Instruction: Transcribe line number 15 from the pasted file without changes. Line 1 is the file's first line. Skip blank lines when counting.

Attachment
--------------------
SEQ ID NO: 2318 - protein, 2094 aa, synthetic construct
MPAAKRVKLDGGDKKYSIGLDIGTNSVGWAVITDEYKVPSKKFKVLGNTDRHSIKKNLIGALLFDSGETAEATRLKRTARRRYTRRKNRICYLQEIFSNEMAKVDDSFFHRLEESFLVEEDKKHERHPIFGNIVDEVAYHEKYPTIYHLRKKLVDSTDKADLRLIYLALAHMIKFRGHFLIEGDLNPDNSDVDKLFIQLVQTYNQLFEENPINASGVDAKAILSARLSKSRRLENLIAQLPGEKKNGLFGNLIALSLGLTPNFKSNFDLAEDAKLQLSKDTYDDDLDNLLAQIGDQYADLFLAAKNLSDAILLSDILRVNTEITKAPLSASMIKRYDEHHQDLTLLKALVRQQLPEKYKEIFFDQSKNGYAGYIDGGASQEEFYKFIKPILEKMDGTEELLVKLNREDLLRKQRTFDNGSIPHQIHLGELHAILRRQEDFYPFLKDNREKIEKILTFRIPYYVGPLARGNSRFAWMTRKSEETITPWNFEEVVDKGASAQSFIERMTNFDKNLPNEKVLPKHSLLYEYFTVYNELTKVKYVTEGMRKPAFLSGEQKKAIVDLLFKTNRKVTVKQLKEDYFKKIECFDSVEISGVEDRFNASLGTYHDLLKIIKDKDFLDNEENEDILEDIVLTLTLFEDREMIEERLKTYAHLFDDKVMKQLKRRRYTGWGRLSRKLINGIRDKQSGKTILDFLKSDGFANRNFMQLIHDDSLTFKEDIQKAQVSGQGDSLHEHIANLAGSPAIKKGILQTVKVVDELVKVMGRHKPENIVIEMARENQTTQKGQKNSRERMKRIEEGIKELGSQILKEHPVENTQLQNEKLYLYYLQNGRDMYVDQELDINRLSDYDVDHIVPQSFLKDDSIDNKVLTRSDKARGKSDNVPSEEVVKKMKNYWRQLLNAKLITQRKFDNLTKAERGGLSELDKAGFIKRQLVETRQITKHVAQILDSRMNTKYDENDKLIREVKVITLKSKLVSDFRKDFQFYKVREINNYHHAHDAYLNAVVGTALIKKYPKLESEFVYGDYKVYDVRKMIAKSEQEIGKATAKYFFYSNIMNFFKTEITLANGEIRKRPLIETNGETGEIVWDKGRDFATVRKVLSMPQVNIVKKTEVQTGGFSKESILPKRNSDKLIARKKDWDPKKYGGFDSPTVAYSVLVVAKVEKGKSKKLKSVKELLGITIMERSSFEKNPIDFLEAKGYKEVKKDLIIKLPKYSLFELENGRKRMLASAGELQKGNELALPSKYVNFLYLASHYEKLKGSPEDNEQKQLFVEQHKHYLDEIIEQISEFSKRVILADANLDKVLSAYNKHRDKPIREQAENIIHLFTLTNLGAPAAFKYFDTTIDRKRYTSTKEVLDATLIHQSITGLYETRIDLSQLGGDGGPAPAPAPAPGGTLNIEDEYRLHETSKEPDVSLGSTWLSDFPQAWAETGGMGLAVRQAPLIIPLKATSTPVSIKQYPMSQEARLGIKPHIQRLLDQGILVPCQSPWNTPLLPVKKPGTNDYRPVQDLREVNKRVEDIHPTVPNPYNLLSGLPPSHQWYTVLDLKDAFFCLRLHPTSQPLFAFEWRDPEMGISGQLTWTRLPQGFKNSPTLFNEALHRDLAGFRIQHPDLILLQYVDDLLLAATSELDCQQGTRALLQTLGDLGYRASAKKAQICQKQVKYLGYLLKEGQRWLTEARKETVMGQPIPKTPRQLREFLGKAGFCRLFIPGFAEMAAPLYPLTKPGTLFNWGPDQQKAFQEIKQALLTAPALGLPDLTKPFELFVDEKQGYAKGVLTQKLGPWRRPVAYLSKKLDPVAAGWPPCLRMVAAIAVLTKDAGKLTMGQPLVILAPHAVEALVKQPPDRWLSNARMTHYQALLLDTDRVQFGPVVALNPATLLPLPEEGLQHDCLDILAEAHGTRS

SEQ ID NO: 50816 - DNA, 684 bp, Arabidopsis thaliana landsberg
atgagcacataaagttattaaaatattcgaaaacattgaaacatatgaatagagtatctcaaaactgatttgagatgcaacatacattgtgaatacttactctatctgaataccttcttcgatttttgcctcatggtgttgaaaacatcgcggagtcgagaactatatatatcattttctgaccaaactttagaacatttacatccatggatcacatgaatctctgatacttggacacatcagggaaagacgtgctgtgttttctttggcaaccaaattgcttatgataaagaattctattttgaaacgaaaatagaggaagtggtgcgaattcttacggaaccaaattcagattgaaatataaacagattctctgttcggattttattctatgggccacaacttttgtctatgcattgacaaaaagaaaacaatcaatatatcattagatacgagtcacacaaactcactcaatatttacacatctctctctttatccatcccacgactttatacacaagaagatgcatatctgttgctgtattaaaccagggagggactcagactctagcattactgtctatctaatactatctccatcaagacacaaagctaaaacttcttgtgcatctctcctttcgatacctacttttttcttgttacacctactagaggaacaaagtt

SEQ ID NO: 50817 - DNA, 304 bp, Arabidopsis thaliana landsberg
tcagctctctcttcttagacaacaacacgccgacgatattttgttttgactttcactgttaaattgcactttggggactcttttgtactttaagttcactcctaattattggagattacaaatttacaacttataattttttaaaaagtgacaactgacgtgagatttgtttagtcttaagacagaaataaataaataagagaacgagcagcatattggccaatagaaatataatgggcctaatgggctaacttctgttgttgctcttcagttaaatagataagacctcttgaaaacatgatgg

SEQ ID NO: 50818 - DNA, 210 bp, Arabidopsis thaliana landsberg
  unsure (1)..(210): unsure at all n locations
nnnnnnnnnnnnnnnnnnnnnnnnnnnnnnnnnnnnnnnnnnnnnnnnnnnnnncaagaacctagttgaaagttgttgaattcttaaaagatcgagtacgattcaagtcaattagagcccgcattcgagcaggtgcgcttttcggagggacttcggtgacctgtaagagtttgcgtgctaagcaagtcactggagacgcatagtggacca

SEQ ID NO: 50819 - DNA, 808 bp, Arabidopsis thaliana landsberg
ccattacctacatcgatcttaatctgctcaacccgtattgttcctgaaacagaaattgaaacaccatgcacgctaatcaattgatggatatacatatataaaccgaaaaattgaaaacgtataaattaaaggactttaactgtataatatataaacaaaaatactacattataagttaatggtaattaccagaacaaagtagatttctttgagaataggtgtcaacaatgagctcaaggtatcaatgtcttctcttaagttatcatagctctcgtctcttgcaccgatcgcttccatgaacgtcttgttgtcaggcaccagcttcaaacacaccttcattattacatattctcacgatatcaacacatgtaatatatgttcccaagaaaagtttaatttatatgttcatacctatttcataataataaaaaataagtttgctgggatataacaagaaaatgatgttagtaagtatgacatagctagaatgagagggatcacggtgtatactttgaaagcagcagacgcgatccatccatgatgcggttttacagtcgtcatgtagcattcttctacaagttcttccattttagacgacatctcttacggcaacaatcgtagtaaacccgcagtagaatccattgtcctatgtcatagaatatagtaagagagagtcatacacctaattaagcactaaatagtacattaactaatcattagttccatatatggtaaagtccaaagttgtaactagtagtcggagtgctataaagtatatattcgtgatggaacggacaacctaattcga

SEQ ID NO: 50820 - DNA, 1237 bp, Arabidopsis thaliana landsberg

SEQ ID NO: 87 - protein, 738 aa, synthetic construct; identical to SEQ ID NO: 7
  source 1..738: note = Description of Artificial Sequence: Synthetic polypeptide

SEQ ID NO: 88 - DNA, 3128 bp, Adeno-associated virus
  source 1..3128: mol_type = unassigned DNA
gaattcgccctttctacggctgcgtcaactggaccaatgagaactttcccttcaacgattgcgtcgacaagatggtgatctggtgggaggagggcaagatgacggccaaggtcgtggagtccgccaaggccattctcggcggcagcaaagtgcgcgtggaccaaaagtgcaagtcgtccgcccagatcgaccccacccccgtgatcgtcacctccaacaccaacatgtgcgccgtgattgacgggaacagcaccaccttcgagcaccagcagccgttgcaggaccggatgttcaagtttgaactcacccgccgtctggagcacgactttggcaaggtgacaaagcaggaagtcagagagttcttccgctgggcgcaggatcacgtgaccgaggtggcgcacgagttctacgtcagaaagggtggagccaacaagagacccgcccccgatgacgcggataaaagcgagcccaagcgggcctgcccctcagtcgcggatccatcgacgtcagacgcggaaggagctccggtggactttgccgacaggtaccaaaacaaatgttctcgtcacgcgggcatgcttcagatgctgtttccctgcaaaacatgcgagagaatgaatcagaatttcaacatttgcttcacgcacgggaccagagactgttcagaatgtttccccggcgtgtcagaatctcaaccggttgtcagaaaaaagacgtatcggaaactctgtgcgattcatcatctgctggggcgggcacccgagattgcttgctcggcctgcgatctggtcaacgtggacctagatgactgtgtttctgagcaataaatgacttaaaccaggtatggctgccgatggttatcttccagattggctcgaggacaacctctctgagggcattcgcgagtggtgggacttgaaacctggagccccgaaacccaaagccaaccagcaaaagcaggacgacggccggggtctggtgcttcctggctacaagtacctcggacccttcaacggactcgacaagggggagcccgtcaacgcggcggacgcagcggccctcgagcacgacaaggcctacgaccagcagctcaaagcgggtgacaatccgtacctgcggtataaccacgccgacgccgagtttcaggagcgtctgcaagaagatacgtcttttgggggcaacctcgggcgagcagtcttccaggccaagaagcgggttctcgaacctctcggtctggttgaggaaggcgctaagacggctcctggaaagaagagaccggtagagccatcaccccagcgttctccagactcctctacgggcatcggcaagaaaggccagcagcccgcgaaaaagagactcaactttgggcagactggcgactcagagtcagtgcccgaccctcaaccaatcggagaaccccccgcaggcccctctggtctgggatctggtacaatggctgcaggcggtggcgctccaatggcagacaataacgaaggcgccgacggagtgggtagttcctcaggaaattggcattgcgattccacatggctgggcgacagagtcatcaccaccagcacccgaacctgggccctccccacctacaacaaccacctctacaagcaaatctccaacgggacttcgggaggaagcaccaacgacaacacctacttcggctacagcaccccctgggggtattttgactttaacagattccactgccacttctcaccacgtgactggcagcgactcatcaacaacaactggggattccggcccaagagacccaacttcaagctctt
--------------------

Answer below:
SEQ ID NO: 88 - DNA, 3128 bp, Adeno-associated virus